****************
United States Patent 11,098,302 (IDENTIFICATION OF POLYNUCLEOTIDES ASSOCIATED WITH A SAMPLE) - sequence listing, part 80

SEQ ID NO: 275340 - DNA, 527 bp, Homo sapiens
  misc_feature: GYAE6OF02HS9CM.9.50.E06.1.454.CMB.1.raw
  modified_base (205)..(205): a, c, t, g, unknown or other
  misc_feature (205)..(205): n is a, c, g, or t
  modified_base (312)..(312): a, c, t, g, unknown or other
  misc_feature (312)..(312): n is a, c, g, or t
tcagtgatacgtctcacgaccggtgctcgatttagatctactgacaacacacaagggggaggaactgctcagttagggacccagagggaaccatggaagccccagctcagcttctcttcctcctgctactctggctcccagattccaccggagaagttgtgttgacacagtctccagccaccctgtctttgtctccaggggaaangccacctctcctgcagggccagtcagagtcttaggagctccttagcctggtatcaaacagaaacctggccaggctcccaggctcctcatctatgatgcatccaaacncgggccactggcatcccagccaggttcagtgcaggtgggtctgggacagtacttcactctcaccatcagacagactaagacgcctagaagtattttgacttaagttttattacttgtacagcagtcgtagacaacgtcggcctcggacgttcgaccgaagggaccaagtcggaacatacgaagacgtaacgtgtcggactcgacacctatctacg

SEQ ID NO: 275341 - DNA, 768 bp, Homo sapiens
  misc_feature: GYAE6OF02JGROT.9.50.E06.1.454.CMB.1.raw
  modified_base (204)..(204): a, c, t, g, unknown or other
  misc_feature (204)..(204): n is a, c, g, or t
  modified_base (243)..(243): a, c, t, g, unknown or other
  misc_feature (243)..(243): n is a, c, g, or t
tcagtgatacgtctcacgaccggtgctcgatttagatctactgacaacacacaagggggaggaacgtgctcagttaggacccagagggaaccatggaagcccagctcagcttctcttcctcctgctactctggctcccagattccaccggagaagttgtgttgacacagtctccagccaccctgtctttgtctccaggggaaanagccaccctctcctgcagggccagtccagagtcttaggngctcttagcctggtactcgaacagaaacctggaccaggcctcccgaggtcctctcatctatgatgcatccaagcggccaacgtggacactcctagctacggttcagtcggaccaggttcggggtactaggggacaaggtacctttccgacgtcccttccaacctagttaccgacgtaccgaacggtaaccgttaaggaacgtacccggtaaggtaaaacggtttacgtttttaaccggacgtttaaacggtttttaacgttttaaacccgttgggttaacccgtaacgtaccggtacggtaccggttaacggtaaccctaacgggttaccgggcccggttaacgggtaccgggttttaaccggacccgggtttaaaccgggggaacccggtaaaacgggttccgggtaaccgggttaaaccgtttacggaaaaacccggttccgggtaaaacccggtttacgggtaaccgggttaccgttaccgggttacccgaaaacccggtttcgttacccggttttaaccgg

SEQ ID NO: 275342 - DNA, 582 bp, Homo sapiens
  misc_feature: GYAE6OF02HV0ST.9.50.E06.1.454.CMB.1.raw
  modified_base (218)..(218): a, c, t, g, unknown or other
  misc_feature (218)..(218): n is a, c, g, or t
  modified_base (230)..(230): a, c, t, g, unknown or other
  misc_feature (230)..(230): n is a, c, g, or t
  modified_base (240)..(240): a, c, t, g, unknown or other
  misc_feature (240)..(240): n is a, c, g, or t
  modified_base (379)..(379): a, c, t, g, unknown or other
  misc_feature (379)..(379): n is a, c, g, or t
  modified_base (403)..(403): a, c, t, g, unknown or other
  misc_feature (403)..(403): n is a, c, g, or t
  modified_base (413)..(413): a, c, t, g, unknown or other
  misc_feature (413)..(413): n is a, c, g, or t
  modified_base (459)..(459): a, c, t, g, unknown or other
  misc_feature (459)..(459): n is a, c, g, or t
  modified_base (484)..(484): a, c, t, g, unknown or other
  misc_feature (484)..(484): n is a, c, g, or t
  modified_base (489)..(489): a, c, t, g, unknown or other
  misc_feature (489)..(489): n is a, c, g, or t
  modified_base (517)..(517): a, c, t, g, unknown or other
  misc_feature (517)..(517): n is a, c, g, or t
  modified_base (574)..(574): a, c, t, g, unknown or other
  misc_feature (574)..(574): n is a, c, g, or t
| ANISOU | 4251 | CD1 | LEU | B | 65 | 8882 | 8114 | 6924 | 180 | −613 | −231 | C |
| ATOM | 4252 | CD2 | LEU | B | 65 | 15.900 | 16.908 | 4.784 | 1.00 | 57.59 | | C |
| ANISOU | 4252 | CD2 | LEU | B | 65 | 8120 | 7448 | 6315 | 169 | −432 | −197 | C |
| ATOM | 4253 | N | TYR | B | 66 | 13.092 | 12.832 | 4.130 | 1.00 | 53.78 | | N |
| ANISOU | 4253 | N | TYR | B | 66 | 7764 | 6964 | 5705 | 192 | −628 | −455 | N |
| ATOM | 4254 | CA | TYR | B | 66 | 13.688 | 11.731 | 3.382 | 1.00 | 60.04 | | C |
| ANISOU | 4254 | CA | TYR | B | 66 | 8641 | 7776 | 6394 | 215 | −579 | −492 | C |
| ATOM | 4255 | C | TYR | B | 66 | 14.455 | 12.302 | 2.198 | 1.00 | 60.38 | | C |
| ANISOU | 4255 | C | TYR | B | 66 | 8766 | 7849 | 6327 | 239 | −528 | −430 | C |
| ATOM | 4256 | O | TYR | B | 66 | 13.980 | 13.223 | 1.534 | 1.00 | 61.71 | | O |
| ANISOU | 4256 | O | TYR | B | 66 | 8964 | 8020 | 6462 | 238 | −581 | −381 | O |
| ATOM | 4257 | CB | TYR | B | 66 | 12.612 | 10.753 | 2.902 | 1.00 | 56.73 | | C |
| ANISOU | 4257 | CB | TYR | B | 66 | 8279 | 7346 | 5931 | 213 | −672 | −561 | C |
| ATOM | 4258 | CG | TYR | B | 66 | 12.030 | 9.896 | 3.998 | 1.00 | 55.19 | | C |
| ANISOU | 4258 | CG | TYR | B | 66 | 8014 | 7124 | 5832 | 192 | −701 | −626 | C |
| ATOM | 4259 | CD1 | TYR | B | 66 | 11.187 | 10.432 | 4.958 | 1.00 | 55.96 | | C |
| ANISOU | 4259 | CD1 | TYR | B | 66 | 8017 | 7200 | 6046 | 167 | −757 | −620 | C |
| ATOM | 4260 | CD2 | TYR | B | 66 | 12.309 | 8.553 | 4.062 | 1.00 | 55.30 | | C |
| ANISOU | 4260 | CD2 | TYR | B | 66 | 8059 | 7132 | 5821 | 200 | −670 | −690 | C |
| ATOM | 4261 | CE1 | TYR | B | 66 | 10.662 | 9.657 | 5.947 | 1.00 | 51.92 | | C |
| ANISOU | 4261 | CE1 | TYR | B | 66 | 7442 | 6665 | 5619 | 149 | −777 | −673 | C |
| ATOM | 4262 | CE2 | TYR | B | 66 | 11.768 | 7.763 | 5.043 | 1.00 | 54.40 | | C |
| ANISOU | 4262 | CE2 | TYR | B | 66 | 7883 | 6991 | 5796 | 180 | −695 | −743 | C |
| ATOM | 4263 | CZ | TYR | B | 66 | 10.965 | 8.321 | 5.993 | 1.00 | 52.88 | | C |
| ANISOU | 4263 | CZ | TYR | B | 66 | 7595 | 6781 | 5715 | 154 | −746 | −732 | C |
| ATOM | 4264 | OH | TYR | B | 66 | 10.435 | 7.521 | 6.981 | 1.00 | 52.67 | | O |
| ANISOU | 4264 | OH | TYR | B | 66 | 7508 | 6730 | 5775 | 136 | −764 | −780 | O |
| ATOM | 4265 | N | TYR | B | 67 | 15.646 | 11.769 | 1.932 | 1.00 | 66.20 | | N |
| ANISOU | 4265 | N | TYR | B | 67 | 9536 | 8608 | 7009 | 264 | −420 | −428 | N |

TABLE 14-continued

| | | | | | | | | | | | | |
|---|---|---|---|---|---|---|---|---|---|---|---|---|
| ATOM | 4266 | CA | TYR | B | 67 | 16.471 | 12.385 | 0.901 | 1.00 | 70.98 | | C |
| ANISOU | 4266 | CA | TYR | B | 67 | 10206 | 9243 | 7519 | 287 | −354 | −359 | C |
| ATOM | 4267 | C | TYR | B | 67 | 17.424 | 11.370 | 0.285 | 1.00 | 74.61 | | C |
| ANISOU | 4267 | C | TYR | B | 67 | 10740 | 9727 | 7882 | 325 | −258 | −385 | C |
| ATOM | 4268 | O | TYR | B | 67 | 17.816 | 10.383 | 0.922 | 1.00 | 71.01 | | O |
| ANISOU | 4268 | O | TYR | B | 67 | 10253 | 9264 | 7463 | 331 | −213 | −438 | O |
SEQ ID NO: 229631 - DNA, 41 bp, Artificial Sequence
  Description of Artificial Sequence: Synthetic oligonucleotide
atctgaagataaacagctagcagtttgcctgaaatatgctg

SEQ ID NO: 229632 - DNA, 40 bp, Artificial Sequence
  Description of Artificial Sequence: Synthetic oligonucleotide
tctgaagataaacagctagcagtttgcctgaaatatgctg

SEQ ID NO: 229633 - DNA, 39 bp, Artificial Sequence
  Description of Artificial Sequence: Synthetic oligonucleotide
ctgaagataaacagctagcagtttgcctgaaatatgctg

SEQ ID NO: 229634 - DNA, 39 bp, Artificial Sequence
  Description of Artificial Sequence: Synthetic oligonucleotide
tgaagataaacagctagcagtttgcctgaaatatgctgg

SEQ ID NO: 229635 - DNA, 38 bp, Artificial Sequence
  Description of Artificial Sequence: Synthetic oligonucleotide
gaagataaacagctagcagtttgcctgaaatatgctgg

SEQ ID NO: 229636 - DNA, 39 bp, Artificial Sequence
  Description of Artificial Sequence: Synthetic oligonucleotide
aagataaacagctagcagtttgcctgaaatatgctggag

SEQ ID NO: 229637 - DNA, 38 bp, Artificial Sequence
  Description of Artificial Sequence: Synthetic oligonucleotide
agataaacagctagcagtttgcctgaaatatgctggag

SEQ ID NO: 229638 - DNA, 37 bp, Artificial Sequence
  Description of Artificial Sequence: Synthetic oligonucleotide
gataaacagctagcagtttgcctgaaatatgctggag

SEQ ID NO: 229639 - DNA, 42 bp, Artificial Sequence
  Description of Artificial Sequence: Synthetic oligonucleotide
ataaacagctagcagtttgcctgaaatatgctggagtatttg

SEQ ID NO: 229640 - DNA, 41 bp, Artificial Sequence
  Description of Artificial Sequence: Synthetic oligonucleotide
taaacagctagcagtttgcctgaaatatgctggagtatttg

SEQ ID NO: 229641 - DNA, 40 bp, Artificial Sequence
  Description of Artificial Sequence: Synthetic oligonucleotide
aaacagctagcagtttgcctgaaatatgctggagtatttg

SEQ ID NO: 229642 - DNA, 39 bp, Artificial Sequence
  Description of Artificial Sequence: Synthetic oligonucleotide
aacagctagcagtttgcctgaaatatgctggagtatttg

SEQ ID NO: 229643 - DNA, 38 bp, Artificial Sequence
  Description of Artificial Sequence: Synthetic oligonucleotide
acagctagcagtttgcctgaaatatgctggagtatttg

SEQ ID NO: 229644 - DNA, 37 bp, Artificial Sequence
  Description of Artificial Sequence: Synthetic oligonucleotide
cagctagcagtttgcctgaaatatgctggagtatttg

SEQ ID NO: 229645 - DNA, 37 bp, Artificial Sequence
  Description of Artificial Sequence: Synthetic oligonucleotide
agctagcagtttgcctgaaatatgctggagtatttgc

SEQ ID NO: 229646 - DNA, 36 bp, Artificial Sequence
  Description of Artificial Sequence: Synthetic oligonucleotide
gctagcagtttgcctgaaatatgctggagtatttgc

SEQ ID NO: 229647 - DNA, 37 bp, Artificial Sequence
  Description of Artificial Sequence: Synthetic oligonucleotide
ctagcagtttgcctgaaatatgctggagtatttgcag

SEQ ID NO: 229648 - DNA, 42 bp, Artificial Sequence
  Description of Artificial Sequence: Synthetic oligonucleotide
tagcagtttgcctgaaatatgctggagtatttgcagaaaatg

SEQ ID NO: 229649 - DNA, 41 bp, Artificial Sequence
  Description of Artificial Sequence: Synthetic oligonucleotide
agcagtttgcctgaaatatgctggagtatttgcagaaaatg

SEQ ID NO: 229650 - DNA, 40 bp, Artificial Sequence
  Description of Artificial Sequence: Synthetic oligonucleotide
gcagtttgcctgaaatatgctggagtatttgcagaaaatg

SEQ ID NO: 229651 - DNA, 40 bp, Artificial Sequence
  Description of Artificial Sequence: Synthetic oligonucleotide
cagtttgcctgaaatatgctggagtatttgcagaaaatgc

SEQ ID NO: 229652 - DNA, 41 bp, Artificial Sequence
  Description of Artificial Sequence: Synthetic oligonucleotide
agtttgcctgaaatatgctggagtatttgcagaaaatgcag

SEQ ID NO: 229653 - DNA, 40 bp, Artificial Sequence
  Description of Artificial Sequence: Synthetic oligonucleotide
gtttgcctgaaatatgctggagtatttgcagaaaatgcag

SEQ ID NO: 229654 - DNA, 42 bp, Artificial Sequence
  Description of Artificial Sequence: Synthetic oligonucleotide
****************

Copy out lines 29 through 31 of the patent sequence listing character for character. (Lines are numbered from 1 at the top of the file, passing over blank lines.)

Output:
  misc_feature (413)..(413): n is a, c, g, or t
  modified_base (459)..(459): a, c, t, g, unknown or other
  misc_feature (459)..(459): n is a, c, g, or t